6. 14496946213170Add your spices into the pot and stir.
  7. Place pot on medium-high heat and simmer for 20 minutes with cover on. Stir regularly.
  8. 14496957928630After the first 20 minutes, turn heat to medium-low, remove cover, and add salt, pepper, and garlic to taste. Simmer another 20minutes, stirring regularly. Make sure nothing sticks to the bottom.
  9. After the final 20 minutes, a can of coconut milk and simmer on medium-low for another 20 minutes.


Serve on rice, quinoa, or in a bowl with some bread.

OPTIONS: We don’t think this version isn’t too spicy or overwhelming. You can change up the spices to suit your taste if you like it hotter, or with different flavours.


Winding down


It has been a whirlwind year, although we have only been here 8 months.

April saw us “lamb” into our new farm. We built things, moved things, torn down things to make sure it was ready to go for lambing, the best time of the year.

May was all about getting the sheep shorn, setting up fencing for sheep, rotational grazing, and keeping livestock dogs in the pastures as well as coyotes out.

June was planting dye plants, having more sheep arrive, getting ready for market, and another shearing.

July saw the ducklings arrive, our hay was harvested and put in the barn, our spring clip went into the mill and a tree came down in a storm that took power out to the barn.

August started with a trip into Toronto Makerfest, shearing lambs, and a trip to Haliburton to take a felting course taught be Pam DeGroot.

September meant ducks and lambs went into be processed, sheep breeding groups were being considered, and choosing which lambs stayed and which ones went.

October is when the majority of the ducks and lambs went in, finding freezer space for the harvest, teaching a felting workshop at the Woodstock Fleece Festival, seriously thinking about making things for the Christmas markets, the arrival of a breeding pair of Dewlap Toulouse Geese, and twin lambs born to one of the Finn ewes.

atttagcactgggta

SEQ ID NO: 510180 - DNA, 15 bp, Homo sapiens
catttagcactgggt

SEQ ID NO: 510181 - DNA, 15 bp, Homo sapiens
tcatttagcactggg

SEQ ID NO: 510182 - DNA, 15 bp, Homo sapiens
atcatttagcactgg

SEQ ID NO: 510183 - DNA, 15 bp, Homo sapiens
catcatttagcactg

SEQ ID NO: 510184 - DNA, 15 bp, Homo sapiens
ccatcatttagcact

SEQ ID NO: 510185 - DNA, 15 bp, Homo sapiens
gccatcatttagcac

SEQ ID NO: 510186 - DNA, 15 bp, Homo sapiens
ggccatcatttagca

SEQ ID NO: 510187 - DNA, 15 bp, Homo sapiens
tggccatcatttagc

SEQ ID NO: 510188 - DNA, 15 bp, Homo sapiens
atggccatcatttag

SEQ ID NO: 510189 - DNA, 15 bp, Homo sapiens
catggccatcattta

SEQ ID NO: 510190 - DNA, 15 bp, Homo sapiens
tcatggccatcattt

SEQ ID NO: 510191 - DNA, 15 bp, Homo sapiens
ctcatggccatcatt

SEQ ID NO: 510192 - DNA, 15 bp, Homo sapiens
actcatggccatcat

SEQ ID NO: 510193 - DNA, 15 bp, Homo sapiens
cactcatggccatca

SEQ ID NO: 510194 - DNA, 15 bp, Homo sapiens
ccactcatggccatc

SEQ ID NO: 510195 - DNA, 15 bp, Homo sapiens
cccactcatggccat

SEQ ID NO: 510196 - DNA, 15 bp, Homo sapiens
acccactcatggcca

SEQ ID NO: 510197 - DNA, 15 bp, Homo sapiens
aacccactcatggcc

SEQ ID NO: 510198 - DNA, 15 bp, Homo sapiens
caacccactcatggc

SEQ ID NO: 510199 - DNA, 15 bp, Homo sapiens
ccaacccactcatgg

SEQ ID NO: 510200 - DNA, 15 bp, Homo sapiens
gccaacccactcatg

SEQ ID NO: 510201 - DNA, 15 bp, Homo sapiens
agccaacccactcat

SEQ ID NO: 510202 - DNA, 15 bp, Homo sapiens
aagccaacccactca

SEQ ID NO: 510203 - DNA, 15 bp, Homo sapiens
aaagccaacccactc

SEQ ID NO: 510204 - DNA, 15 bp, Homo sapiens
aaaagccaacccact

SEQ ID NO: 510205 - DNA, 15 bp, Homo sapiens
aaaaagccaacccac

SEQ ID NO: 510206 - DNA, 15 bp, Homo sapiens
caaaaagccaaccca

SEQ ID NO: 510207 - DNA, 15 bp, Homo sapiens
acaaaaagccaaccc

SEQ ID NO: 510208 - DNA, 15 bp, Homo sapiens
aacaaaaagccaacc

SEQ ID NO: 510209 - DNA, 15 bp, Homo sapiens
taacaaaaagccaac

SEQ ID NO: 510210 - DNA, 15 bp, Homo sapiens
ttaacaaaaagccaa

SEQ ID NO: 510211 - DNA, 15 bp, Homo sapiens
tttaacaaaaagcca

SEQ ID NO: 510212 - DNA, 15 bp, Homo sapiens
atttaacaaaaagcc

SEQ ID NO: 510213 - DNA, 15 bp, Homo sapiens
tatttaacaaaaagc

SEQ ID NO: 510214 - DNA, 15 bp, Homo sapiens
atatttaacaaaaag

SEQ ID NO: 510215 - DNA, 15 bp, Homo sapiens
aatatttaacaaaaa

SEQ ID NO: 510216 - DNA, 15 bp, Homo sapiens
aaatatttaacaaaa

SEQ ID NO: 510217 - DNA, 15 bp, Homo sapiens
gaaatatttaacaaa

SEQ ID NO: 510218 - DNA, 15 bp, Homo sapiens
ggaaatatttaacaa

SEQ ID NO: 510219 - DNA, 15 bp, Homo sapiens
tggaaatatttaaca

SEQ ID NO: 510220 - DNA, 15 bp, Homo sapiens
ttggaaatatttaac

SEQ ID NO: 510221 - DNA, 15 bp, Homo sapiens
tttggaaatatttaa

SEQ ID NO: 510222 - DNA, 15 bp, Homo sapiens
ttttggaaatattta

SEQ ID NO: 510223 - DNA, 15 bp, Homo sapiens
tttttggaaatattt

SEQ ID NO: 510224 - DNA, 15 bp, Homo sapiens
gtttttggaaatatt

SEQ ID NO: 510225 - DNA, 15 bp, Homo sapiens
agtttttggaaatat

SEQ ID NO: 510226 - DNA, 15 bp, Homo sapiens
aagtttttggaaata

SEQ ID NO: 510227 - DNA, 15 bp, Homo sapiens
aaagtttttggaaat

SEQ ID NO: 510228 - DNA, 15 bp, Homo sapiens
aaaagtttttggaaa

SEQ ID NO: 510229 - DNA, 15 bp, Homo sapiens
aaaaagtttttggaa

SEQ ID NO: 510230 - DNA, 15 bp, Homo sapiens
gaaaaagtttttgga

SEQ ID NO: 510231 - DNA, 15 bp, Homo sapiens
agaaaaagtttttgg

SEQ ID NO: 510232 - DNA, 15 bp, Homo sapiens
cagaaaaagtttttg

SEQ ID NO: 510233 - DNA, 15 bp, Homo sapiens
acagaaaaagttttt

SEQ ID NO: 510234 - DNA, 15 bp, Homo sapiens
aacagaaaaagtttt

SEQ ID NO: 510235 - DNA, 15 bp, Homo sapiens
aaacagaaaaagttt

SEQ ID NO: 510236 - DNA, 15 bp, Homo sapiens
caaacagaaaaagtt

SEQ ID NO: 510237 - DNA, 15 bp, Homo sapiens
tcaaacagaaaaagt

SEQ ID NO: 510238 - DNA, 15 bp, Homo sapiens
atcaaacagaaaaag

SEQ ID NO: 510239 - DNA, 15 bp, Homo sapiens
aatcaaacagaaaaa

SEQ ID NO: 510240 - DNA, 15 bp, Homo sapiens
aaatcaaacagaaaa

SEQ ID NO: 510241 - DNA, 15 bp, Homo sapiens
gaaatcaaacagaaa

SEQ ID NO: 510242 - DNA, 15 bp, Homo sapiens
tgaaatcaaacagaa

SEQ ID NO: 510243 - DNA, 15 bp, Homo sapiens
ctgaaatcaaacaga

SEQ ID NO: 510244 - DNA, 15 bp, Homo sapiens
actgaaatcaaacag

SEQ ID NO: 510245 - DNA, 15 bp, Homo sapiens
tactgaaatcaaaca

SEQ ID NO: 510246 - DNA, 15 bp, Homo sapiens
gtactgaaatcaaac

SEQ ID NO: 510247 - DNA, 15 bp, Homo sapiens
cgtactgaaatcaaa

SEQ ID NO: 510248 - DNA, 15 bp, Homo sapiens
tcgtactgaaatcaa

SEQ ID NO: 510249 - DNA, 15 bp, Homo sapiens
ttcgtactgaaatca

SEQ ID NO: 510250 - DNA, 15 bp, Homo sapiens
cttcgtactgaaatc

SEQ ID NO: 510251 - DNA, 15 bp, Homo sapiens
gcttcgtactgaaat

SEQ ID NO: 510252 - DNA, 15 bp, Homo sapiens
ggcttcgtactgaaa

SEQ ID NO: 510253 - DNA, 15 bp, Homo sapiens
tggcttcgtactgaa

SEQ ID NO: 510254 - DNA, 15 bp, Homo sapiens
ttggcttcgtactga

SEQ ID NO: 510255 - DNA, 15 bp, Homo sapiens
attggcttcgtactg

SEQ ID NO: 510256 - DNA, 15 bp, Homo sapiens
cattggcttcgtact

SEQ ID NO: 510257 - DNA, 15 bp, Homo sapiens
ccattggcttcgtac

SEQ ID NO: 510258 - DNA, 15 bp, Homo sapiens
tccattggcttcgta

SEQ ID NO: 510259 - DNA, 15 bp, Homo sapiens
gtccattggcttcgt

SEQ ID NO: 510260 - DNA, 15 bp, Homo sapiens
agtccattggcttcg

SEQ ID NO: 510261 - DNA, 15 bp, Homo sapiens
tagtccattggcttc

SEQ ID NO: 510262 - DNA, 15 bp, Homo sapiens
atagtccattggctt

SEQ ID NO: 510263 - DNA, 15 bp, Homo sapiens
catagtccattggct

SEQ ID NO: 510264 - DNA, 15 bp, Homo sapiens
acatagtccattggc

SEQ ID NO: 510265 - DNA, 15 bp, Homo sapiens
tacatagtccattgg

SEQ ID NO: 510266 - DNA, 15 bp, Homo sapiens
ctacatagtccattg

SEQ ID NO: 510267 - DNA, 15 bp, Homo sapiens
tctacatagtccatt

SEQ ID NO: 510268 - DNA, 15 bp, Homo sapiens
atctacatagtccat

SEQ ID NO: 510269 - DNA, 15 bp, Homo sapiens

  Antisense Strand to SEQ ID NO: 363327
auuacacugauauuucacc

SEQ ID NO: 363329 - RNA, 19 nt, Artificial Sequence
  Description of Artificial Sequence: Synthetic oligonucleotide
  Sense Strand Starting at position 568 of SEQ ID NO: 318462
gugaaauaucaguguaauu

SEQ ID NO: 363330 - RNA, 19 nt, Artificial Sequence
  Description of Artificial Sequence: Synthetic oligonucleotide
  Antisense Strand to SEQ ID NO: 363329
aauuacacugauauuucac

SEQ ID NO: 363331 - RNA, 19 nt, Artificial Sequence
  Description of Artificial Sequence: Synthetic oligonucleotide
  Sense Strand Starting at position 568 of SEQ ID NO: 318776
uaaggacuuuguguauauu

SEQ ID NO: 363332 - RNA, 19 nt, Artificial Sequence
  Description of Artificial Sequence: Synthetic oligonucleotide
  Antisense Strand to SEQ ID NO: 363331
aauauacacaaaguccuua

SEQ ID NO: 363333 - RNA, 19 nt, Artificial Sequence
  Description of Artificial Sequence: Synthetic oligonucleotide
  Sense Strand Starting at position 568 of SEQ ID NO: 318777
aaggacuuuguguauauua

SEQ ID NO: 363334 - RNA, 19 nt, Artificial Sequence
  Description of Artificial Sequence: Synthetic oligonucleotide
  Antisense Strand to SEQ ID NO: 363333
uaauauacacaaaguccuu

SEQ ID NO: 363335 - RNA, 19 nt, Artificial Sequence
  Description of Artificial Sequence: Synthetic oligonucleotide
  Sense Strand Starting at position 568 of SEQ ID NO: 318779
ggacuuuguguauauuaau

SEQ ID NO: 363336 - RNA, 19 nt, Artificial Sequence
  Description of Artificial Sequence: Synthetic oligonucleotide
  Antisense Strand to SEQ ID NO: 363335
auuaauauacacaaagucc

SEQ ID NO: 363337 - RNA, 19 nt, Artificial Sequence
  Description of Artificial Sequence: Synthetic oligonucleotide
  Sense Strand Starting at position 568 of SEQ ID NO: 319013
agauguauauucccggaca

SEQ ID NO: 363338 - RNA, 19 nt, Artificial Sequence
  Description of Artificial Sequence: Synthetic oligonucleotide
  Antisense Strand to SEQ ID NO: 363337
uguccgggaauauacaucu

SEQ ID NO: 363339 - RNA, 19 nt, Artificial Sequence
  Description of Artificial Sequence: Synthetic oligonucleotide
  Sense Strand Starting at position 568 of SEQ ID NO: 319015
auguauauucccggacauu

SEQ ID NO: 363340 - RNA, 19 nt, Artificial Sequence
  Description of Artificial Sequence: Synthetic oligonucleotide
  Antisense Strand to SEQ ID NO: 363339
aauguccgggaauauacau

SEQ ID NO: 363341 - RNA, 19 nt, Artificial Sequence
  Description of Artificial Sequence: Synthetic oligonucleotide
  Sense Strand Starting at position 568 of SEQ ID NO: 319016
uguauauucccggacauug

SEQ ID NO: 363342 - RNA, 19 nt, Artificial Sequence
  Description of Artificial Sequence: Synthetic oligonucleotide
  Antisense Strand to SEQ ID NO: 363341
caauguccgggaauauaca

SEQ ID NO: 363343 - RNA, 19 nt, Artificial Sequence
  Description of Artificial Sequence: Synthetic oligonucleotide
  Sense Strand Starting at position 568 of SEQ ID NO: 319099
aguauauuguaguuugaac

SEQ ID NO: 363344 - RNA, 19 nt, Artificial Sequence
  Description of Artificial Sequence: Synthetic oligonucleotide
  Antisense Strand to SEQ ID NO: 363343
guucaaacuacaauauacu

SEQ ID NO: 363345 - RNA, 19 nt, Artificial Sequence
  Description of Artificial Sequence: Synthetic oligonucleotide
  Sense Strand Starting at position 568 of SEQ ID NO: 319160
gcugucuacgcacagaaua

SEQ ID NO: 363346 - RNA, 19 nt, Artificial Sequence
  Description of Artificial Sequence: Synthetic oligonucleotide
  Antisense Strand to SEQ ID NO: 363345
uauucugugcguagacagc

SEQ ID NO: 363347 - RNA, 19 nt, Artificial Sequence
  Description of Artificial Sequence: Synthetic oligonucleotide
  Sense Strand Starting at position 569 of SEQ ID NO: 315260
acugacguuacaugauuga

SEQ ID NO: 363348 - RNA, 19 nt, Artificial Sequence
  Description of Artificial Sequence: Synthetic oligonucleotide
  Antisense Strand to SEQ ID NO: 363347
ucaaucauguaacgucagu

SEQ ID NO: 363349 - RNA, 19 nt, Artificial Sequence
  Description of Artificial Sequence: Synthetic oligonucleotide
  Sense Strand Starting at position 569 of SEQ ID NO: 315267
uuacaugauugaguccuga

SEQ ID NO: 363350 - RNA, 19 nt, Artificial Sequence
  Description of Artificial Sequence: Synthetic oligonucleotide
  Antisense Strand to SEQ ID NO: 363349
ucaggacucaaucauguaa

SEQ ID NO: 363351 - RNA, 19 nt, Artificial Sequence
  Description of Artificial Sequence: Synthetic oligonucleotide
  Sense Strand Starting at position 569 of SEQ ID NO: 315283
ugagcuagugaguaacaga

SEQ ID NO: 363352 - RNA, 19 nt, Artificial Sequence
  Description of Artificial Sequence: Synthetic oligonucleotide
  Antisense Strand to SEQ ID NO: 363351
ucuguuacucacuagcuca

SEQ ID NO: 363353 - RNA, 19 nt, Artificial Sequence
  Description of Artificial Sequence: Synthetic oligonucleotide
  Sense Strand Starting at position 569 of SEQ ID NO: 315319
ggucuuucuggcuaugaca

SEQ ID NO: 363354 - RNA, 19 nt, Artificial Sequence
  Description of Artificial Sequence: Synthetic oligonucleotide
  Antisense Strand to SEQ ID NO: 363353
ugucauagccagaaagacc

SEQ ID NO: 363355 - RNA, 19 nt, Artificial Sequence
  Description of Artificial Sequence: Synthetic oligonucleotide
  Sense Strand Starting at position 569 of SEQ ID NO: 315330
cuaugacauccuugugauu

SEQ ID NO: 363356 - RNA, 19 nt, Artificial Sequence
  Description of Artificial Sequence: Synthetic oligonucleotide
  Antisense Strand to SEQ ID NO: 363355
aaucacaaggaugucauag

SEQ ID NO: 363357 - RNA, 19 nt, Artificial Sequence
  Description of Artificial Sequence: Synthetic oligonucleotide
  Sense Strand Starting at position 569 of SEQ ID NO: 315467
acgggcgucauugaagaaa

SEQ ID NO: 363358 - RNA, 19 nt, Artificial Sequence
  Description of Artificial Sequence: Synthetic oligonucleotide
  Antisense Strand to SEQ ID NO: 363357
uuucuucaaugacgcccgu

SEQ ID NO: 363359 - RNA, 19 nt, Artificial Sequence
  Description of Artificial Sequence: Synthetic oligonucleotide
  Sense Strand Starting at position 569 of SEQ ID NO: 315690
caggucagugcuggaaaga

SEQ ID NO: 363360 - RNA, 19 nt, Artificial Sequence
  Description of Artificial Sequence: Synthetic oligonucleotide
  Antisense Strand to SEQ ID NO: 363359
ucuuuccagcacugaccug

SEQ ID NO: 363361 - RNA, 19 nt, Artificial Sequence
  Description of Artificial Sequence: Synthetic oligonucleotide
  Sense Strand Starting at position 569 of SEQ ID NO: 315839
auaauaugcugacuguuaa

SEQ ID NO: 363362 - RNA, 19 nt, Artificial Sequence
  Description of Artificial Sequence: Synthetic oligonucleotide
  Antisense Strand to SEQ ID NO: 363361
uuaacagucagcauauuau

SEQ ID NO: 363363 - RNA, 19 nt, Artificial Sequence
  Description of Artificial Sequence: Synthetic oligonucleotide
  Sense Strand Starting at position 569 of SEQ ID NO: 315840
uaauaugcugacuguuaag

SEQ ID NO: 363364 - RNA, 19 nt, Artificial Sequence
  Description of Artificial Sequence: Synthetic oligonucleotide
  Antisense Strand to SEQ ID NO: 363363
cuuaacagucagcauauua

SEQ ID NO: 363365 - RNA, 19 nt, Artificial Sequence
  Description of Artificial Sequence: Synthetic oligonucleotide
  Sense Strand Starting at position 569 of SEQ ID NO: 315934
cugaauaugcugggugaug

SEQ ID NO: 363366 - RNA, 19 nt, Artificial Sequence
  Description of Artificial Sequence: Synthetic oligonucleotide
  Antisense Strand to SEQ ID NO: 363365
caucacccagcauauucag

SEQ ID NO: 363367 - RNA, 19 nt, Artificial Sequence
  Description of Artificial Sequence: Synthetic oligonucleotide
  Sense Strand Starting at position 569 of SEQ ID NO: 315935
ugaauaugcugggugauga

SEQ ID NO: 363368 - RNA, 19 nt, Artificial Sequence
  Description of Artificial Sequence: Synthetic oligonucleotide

November is getting the barn ready for winter for the first time in over a decade (including getting power back to the barn!), thinking about where to store winter feed when the snowdrifts are five feet high,  how to keep the coyotes away from our animals and fully into the making of felt things, getting wool into the mill finally.

December is all about going into the Evergreen Brickwork’s Farmer’s Market and selling, selling, selling, and buying that winter feed we will need.


It will be our first Christmas here at the farm. We are looking forward to being able to go out into the barn on Christmas eve and sing carols to the animals as they ruminate away. There is nothing like a warm barn full of content animals in the middle of winter. We will be singing thanks to the year we just had. We will sing to appreciate the sacrifices our animals have made for us, and that we made for them, and each other. we will sing in celebration of the lengthening days, chores being a few minutes later each day, the roots regenerating under the blanket of snow. It is then that we will slow down, and settle in for the long mid-winter road ahead. On a farm the work never stops, it just changes.

How does that saying go? A change is as good as a rest?